24th October 2013
You know that one person at work who’s always making negative comments? They moan that their boss is an idiot, the company’s going down the toilet and, even when you’re having a good day, they still manage to come along and drop a big negativity bomb all over it? Well, this blog is about them and how to make sure their defeatist views and obstructive antics don’t rub off on those around them. After all, a happy workforce is likely to be far more productive than one that’s counting down to the apocalypse.
It’s important to remember that behaviour breeds behaviour. In the same way that a smile is infectious, so are the constant mutterings of a disgruntled employee. Employees that are usually upbeat and positive can be transformed into office activists overnight simply by working in close proximity to a negative co-worker. Failing to tackle the problem puts out the wrong message and swift action is needed if workplace morale is to be preserved.
So, what steps do we need to take at work to nip negativity in the bud?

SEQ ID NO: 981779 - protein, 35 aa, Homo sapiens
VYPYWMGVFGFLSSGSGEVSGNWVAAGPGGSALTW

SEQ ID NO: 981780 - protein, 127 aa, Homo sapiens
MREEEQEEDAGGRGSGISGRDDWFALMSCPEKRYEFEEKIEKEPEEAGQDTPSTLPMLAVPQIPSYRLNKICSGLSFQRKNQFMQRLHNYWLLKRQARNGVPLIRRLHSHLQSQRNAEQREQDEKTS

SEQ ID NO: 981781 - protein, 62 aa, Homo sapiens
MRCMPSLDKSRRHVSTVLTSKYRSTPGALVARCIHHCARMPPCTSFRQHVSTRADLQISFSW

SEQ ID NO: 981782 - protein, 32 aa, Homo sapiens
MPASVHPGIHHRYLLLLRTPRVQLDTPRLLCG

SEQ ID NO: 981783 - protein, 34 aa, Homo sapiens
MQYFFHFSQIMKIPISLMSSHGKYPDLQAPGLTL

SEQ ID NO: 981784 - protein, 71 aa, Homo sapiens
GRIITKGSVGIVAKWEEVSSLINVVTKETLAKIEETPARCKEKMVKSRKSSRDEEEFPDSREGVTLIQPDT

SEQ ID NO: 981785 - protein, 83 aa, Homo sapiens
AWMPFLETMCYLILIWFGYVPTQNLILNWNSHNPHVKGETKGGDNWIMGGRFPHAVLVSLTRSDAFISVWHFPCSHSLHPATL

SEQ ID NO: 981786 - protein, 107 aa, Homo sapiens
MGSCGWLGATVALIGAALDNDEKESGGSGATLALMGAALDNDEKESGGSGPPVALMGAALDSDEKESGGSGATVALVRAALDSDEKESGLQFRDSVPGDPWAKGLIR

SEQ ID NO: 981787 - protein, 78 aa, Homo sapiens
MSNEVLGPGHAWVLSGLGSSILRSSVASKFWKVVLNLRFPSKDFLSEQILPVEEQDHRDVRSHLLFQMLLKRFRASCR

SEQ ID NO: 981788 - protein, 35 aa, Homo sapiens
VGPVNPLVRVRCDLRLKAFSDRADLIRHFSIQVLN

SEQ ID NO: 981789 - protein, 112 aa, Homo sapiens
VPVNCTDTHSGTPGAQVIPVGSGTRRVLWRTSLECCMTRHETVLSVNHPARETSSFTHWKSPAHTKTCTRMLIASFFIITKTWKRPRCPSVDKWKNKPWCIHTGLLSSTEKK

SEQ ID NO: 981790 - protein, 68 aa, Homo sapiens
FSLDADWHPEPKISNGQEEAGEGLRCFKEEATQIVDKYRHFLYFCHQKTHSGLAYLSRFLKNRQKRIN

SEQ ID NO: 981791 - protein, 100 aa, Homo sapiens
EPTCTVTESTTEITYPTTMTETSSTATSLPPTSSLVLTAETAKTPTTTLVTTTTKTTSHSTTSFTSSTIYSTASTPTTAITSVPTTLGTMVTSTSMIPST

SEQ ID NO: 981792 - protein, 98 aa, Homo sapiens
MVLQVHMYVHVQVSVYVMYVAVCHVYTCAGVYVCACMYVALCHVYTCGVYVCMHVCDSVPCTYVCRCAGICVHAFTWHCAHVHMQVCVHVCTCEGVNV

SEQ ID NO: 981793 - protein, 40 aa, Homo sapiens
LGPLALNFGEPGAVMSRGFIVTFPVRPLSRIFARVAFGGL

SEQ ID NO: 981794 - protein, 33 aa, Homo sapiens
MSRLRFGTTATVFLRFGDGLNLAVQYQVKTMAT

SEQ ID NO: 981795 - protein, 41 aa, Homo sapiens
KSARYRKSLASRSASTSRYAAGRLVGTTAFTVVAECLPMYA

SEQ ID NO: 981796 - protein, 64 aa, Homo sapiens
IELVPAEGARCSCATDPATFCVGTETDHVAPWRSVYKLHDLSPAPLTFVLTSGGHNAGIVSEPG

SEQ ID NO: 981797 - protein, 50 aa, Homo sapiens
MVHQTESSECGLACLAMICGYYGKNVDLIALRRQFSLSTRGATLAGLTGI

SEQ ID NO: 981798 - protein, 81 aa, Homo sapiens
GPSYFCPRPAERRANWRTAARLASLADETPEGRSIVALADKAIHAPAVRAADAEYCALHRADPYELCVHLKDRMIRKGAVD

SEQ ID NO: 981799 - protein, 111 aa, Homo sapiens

Tackle the problem head on – Speak with the negative employee at the earliest opportunity to establish the facts. What has happened to make them feel the way they do? Has their attitude been brought about by a workplace issue or is the problem a personal one? Sometimes just offering a friendly, listening ear can help improve an employee’s outlook. Be attentive and positive. Tackling negativity with negativity is unlikely to encourage improvement.
Act – If you have identified that there is a legitimate workplace issue that has contributed to the employee’s less than jovial demeanour, deal with it. Failing to act on a genuine issue will only make the problem worse and could have long term implications for the stability of the workforce. If you do not feel that the employee’s complaints are justified then tell them so. Persistent negativity that impacts on employee performance is a work behaviour that may require disciplinary action.
Listen to your staff – Whilst some negativity in the workplace is caused by external factors it is often an indication of a deeper lying problem within the business. Stay in tune with what your staff are thinking by taking time to chat with them, even if it’s just for a moment at the water cooler. This will allow you to gauge the morale levels of the workforce and deal with potential issues before they escalate.
Employee surveys and an effective communication structure are two excellent ways to glean the information that you need.
A famous person once said, ‘If you aren’t fired with enthusiasm, prepare to be fired with enthusiasm.’ Probably not one for the company handbook but apt nonetheless.
David is a Human Resources Consultant at Let’s Talk People.
David has been providing HR & employment law advice to business owners and company directors for 8 years. He is a qualified member of The Chartered Institute of Personnel and Development.